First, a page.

Man Convicted By Anti-Gay Jury Faces Execution

Screenshot via YouTube @KELOLANDS NEWS

Charles Rhines was executed yesterday after a long battle of appeals.

In 1992, Rhines was caught attempting a burglary of a doughnut shop in Rapid City by 22-year-old employee Donnivan Schaeffer. Rhines ended up stabbing Schaeffer in the abdomen and back before stabbing him in the skull. Charles Rhines was then convicted in 1993 for the murder and sentenced to death. That death sentence was then enacted yesterday.

But why are we talking about Rhines here on Instinct Magazine? Well, Rhines and his defense team fought for decades to overturn his sentence. The reason being, he was faced with a homophobic jury.

As Leonard Pitts Jr. wrote for the MiamiHerald:

“Evidence of the effect of Rhines’ sexuality on the panel’s reasoning abounds. Jurors sent the judge a note asking if he would be housed in general population, if he might ‘brag’ to ‘young men’ about his crime, if he might ever marry or have conjugal visits, if he would have a cellmate. As if that weren’t enough, several jurors later issued sworn declarations affirming how homophobia warped their deliberations.”

One juror was quoted as saying that putting a gay man in prison would be ‘sending him where he wants to go.’ Another quoted a fellow juror as saying Rhines ‘shouldn’t be able to spend his life with men in prison.’ A third reported that, ‘There was a lot of disgust’ in the jury room. ‘This is a farming community.’”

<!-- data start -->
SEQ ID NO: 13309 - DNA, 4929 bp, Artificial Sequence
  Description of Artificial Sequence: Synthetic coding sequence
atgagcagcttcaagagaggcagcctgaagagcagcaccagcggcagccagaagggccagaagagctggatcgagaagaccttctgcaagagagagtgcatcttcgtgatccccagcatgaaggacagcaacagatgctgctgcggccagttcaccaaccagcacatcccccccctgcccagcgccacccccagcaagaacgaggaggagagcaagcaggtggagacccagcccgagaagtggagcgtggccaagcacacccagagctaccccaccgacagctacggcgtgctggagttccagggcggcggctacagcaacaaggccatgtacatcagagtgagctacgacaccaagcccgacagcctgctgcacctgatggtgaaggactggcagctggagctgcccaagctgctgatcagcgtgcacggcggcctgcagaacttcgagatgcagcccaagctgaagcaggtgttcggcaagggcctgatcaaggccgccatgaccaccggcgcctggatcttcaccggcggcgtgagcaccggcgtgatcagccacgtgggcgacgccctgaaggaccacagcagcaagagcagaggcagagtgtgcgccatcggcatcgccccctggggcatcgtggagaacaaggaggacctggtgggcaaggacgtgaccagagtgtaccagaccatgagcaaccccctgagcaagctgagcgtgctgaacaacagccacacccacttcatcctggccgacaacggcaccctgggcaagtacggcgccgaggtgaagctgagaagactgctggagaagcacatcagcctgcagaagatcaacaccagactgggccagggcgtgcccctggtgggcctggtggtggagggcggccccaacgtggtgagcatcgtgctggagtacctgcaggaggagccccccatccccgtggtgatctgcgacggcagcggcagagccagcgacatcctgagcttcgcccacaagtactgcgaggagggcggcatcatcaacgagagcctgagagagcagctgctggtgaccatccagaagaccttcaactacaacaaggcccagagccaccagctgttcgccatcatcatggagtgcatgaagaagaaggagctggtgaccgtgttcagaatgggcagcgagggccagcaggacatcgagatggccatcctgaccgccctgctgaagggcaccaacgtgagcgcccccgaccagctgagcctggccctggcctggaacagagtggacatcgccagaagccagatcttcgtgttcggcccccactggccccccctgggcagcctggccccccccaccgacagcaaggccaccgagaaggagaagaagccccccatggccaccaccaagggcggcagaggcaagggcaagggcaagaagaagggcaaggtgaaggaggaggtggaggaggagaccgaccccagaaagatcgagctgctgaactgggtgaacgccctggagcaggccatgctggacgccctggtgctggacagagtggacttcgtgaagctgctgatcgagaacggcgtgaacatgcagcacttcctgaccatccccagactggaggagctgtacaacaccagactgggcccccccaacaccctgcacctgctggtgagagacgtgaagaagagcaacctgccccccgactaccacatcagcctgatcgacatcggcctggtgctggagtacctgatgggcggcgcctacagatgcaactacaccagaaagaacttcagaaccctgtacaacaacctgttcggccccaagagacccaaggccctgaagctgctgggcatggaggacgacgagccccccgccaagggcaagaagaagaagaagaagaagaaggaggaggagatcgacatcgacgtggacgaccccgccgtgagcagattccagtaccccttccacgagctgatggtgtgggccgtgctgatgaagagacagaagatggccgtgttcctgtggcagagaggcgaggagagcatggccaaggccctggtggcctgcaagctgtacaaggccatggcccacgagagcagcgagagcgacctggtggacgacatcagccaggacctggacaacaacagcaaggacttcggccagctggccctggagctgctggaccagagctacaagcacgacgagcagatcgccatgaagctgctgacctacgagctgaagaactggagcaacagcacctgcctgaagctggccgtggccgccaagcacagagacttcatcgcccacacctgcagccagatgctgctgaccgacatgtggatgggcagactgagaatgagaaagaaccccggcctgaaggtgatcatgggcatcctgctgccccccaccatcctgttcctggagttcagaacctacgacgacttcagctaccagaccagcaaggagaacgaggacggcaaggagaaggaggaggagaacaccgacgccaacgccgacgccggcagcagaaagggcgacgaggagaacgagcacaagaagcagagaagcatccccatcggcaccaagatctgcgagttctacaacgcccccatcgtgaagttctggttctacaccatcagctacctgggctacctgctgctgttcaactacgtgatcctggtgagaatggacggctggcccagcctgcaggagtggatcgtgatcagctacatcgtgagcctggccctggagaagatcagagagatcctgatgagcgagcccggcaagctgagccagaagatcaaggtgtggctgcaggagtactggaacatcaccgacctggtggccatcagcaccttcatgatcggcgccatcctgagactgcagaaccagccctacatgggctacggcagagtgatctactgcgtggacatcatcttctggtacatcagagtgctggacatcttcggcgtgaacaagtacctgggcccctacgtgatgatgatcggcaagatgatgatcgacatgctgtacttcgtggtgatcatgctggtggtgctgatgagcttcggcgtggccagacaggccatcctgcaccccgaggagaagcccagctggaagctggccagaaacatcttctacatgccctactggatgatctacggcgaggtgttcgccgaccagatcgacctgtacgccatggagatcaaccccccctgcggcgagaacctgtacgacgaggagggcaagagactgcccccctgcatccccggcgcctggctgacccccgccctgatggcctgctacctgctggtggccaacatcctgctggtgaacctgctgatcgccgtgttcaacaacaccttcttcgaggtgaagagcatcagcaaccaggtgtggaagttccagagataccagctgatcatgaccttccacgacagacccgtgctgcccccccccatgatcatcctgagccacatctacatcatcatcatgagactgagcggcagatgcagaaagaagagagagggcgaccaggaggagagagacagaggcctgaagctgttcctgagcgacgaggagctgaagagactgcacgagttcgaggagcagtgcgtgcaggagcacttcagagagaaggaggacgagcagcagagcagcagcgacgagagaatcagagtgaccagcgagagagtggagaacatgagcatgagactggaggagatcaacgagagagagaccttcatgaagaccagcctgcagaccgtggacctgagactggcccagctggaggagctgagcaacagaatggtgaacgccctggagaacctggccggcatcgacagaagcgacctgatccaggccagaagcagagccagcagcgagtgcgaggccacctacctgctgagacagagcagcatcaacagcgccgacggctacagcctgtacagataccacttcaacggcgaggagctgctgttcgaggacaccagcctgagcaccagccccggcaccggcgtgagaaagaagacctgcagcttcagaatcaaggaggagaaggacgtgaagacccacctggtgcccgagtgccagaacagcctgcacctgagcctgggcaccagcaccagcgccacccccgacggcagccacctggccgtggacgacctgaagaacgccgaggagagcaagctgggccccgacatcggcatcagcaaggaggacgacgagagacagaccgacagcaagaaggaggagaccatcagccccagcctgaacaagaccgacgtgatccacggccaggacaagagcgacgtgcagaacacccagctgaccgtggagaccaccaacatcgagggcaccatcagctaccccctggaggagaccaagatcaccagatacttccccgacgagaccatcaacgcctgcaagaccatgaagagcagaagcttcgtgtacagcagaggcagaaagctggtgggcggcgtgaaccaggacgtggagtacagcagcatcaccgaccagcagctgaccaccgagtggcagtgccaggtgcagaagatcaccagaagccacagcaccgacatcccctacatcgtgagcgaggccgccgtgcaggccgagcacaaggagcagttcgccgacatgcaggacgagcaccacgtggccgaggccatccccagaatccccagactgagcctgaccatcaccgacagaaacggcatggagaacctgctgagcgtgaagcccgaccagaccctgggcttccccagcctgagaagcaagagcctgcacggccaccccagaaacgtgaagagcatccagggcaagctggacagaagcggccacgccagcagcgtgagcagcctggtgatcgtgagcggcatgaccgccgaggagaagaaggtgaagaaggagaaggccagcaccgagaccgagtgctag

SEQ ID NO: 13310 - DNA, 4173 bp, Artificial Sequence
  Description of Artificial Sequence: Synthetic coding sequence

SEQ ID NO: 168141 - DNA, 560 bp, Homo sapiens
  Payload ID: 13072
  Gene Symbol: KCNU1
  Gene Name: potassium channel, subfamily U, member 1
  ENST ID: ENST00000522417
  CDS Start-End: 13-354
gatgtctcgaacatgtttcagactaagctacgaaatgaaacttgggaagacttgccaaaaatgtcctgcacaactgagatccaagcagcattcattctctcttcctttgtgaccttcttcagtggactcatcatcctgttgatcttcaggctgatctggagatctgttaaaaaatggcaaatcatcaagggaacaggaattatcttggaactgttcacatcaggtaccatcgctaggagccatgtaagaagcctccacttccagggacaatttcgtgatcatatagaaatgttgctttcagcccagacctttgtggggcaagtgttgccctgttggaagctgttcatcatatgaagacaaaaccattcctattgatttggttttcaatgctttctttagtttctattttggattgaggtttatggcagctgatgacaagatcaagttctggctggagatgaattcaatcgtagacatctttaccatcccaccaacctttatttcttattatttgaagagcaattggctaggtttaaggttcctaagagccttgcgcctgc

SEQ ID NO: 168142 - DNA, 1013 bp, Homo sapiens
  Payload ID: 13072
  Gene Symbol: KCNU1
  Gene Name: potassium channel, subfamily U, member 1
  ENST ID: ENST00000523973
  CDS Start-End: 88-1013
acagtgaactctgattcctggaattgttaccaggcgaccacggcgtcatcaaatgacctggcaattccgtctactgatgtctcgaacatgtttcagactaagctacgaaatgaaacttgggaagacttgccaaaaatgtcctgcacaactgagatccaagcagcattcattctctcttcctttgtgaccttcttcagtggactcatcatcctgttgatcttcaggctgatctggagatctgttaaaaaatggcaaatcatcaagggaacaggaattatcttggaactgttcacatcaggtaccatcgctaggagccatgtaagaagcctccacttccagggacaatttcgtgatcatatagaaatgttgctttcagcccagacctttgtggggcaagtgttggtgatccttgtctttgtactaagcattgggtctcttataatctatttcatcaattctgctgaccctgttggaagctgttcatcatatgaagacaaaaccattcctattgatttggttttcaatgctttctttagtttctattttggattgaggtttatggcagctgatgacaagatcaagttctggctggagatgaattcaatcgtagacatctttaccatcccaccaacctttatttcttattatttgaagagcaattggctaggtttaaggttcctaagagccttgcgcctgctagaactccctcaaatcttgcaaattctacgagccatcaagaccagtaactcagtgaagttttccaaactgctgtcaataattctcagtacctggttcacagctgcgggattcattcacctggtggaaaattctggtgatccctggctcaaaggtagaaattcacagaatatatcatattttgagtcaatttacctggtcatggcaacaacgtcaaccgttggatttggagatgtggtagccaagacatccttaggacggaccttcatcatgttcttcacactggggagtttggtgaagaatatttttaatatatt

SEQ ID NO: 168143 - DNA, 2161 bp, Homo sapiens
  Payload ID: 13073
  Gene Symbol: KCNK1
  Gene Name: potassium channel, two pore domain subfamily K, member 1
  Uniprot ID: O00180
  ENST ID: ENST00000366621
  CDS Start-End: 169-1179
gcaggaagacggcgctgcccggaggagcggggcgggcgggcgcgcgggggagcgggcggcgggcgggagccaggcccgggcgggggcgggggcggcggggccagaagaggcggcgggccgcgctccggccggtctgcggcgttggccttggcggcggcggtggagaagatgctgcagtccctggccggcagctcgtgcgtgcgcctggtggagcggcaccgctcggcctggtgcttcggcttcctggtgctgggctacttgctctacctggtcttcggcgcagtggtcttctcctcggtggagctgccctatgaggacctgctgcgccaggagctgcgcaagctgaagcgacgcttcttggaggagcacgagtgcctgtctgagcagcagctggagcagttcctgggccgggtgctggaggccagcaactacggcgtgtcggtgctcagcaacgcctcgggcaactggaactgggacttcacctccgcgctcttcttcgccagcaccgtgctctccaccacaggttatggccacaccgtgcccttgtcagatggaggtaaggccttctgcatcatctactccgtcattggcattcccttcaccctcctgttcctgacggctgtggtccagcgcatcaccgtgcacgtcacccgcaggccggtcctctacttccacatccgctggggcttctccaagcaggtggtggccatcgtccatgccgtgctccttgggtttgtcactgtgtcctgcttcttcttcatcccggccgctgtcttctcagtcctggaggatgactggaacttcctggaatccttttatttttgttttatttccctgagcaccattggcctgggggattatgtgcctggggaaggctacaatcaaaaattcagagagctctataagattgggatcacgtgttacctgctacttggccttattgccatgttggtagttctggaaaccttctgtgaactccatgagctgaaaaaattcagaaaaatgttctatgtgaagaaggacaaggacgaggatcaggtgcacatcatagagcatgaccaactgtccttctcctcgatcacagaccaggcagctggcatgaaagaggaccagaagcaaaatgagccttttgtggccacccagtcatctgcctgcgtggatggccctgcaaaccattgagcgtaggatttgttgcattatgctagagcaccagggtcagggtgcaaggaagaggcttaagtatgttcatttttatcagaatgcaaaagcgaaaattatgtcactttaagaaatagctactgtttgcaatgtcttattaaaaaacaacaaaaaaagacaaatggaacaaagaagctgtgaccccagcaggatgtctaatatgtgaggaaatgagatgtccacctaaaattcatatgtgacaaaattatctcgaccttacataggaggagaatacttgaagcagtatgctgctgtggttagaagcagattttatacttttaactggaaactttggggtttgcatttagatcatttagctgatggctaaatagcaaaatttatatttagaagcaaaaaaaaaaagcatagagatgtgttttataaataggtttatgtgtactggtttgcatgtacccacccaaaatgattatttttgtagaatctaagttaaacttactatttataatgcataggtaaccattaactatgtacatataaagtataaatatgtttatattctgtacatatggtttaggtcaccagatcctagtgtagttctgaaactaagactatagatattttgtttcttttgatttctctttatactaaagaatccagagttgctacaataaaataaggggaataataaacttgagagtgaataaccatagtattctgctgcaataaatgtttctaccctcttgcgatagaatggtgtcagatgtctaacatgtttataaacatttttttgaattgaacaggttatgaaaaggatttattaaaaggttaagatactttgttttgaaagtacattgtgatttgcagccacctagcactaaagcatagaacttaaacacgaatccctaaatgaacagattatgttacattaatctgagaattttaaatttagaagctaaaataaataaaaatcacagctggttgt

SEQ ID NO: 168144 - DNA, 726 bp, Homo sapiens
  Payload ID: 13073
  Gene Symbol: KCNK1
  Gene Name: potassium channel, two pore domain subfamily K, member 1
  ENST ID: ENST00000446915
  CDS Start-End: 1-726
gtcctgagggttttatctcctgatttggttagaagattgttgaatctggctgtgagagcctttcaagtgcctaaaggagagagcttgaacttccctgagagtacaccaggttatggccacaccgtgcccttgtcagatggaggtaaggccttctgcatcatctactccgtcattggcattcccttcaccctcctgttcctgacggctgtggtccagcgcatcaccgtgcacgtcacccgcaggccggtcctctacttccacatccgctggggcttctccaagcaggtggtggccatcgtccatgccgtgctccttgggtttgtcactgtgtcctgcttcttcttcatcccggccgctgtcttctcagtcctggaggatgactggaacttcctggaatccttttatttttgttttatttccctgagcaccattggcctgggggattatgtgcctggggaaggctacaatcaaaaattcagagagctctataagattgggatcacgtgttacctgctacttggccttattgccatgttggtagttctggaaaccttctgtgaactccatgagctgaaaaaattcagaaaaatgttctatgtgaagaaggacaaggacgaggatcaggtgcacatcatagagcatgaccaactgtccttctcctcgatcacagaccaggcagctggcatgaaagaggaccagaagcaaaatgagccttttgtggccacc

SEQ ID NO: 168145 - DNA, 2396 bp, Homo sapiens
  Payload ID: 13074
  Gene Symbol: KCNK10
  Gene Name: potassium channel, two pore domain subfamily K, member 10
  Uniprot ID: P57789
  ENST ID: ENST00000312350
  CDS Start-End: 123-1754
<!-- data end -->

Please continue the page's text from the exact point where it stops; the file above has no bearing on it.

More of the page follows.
Despite the initial evidence against the jury, the Supreme Court decided to pass on hearing the case. Keep in mind, Rhines’ case appeared to be pretty open and shut. But, the real question is if he was given a fair trial or one with a biased jury. Despite two years of court battles surrounding the question, Charles Rhines eventually ran out of appeals to play. As thus, he was executed via lethal injection.

“I am hopeful that this day is an opportunity for the family to move forward and now, that this phase is over, they can continue to heal,” South Dakota Attorney General Jason R. Ravnsborg said in a statement.

Just before his execution, Rhines expressed his hope for the victim’s family to get past their anger towards him and the murder.

“Ed and Peggy Schaeffer, I forgive you for your anger and hatred towards me,” he said, according to the Rapid City Journal newspaper. “I pray to God that he forgives you for your anger and hatred towards me.”

Despite those words Schaeffer’s fiancé of the time, Sheila Jackson, said that the execution  “closes the books on Rhines,” but the Schaeffer family will “forever feel the pain and the emotions that Rhines caused us.”

Source: CNN, the Rapid City Journal, The Miami Herald

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